The US must do more to hold the Taliban accountable

While the Taliban reap the benefits of their grand corruption, Afghanistan appears to be reverting to pre-9/11 conditions as it once again becomes a hotbed for terrorism.

The Taliban maintain strong relationships with al-Qaida, Tehrik-i-Taliban Pakistan, and the Tehrik-e-Jihad Pakistan. By offering such terrorist groups financial and logistical support — all within Afghanistan’s borders — the Taliban have reemerged as a vital threat to U.S. and international security.

The Taliban continue to use a totalitarian system that prioritizes repression and self-benefit above all else, resorting to brutality and fear to maintain control over Afghanistan, a recent report from the George W. Bush Institute shows. The Taliban’s strategy involves stripping the country of its resources and increase their access to finances to strengthen their hold on power. This rampant corruption is occurring hand in hand with the Taliban’s insistent marginalization of women and girls.

As a global leader, the United States has a responsibility to confront the threat to international security and democracy posed by the Taliban’s transnational corruption. In partnership with global allies, the United States must hold the Taliban accountable for their tyranny and kleptocracy. Afghanistan has been captured by a self-serving radical extremist group and, without action, more catastrophic consequences are sure to come.

The Taliban have found several ways to access the income they desperately seek. While Afghans struggle to live on less than one dollar a day, the Taliban have made over $2 billion by siphoning humanitarian assistance, trafficking weapons and drugs, and employing new means of extortion on the struggling population.

The Taliban are also actively attempting to establish partnerships with foreign governments that they hope will bolster their international presence and claims of legitimacy. With their newfound access to approximately $1 trillion of natural resources, the Taliban’s ability to partner with foreign actors has only strengthened.

What happens in Afghanistan matters to us here at home. That includes the nefarious actions of the Taliban, who eagerly exploit populations and resources for the expansion of their abusive power and personal wealth.

President Joe Biden has been adamant that his administration will hold unscrupulous governments liable for their offenses, as displayed in the first-ever U.S. Strategy on Countering Corruption released shortly after his inauguration.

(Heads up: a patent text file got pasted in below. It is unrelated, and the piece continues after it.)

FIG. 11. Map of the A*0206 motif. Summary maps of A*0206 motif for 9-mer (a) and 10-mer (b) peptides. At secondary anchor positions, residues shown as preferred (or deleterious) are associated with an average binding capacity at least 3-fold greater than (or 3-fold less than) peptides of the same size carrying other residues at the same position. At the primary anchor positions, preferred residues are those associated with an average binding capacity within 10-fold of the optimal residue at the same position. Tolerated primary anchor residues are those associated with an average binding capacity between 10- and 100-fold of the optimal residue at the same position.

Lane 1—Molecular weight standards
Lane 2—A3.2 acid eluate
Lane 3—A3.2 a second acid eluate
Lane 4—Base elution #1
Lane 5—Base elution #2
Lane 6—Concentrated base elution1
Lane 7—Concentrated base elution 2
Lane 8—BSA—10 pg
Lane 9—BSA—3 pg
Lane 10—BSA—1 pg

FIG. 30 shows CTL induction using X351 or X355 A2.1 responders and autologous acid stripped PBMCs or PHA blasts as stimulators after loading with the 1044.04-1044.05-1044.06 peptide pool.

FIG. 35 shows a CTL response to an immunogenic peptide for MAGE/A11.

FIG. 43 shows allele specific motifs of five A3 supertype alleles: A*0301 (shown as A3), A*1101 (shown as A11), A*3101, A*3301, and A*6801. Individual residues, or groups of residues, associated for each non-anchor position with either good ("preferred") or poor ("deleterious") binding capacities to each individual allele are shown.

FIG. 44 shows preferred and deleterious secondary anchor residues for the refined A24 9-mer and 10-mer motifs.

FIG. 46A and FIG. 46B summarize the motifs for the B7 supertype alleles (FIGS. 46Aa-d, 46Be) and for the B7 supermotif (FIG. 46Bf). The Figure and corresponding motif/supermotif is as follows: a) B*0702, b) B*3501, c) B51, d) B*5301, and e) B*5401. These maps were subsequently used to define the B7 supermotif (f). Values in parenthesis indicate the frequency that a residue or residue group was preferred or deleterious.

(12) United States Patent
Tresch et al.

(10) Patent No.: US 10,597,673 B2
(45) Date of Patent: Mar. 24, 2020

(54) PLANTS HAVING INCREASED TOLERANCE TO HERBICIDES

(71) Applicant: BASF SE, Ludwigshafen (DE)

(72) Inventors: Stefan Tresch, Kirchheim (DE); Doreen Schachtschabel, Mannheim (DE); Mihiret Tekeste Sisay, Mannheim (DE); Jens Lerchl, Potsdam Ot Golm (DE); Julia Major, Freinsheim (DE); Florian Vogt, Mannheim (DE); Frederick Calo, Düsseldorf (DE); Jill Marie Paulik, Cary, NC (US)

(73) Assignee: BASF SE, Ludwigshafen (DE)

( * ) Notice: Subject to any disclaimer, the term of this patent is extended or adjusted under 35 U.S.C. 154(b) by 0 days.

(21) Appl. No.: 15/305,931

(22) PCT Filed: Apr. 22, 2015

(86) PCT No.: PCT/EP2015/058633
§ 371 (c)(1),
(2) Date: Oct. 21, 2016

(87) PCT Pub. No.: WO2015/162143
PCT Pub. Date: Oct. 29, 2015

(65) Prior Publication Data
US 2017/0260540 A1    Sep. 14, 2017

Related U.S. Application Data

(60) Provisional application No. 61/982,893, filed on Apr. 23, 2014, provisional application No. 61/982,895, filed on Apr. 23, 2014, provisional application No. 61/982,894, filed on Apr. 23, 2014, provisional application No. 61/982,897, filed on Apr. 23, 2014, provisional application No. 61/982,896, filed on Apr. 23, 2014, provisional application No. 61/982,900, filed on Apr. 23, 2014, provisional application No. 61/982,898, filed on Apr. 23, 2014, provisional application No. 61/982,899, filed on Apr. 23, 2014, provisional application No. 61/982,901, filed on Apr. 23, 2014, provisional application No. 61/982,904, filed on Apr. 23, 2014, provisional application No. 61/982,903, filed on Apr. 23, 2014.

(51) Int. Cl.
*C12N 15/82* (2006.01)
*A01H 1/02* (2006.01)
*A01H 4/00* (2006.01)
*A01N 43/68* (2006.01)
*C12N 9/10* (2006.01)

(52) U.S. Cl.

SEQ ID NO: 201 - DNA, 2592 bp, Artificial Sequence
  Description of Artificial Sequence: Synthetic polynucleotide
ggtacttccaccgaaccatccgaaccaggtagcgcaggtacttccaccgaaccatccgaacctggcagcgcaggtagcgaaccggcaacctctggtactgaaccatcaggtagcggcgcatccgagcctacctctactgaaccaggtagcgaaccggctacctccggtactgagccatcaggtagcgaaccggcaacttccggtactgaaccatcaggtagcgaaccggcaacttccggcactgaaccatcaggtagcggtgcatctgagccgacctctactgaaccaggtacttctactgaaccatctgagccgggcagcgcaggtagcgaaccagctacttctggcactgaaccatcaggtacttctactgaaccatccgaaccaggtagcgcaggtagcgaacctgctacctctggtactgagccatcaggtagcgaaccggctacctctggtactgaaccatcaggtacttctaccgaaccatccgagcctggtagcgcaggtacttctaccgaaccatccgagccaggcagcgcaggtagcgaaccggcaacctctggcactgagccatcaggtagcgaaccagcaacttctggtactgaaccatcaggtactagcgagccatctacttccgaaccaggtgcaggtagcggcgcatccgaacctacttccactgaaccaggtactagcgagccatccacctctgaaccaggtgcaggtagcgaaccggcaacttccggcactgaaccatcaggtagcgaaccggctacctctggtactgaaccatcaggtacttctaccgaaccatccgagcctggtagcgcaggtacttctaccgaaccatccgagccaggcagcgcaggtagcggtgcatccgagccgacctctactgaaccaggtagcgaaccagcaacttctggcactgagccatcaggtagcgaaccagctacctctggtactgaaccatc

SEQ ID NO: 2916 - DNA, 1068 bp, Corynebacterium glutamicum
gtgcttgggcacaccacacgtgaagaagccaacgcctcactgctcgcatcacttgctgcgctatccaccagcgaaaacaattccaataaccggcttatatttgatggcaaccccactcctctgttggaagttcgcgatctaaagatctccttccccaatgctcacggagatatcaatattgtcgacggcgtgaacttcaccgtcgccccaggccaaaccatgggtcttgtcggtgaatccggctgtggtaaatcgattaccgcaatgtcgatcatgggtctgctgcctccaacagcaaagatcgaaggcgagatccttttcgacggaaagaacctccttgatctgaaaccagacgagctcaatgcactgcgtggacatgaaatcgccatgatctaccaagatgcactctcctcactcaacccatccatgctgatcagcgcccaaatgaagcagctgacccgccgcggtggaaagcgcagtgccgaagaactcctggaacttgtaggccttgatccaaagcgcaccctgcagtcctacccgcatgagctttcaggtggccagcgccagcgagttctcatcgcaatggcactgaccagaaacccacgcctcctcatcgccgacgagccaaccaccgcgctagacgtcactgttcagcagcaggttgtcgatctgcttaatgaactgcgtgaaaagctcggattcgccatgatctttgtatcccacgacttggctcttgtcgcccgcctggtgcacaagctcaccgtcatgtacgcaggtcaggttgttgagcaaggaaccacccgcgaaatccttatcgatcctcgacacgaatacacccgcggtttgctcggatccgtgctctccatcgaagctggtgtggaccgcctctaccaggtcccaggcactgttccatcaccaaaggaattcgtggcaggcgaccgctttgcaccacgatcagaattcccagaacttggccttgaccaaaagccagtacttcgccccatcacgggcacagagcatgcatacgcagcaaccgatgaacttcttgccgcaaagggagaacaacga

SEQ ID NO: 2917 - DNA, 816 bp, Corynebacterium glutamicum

The United States has taken small steps to counter the Taliban’s corruption. In December 2023, the Treasury sanctioned two Taliban officials for the “repression of rights for women and girls.” Yet, the rest of the organization continues to remain largely unaccounted for on sanctions lists despite being recognized as a Specially Designated Global Terrorist group and constant reporting of their human rights abuses, corruption, and systematic discrimination against women and girls.

The U.S. Treasury has a “commitment to holding accountable those who seek to exploit their privileged positions for personal benefit,” Brian Nelson, the Under Secretary for Terrorism and Financial Intelligence, has said, and the Treasury must do more to fulfill its obligation and stop the Taliban.

Tools already exist that can make a difference.

With cooperation from the State Department, Treasury should expand anti-corruption sanctions and designate Afghanistan as a Primary Money Laundering Concern to increase scrutiny from the financial sector. This will allow the U.S. to invoke Section 311 of the USA Patriot Act and block the Taliban’s illegal financial activity.

However, an isolated solution is not enough when foreign actors are actively endorsing or willfully ignoring the Taliban’s activity.

Therefore, the United States should designate the Taliban as a foreign terrorist organization and utilize the Terrorist Finance Tracking Program with the European Union to process and share financial messaging data on cases that likely involve the Taliban and their associates.

The United States should also lead initiatives that encourage international cooperation from ally and regional countries, institutions, and organizations, including support for independent media active in Afghanistan to fill current information vacuums.

Taking these measures will put the Taliban on the defensive and challenge their ability to continue looting the country. Failing to address the severity of the situation in Afghanistan would be a critical misstep.

U.S. leadership is incumbent. However, we must act with others. It’s vital that the international community remain in lockstep to promise a better future for the people of Afghanistan.

Albert Torres is Program Manager of Global Policy at the George W. Bush Institute.

The US must do more to hold the Taliban accountable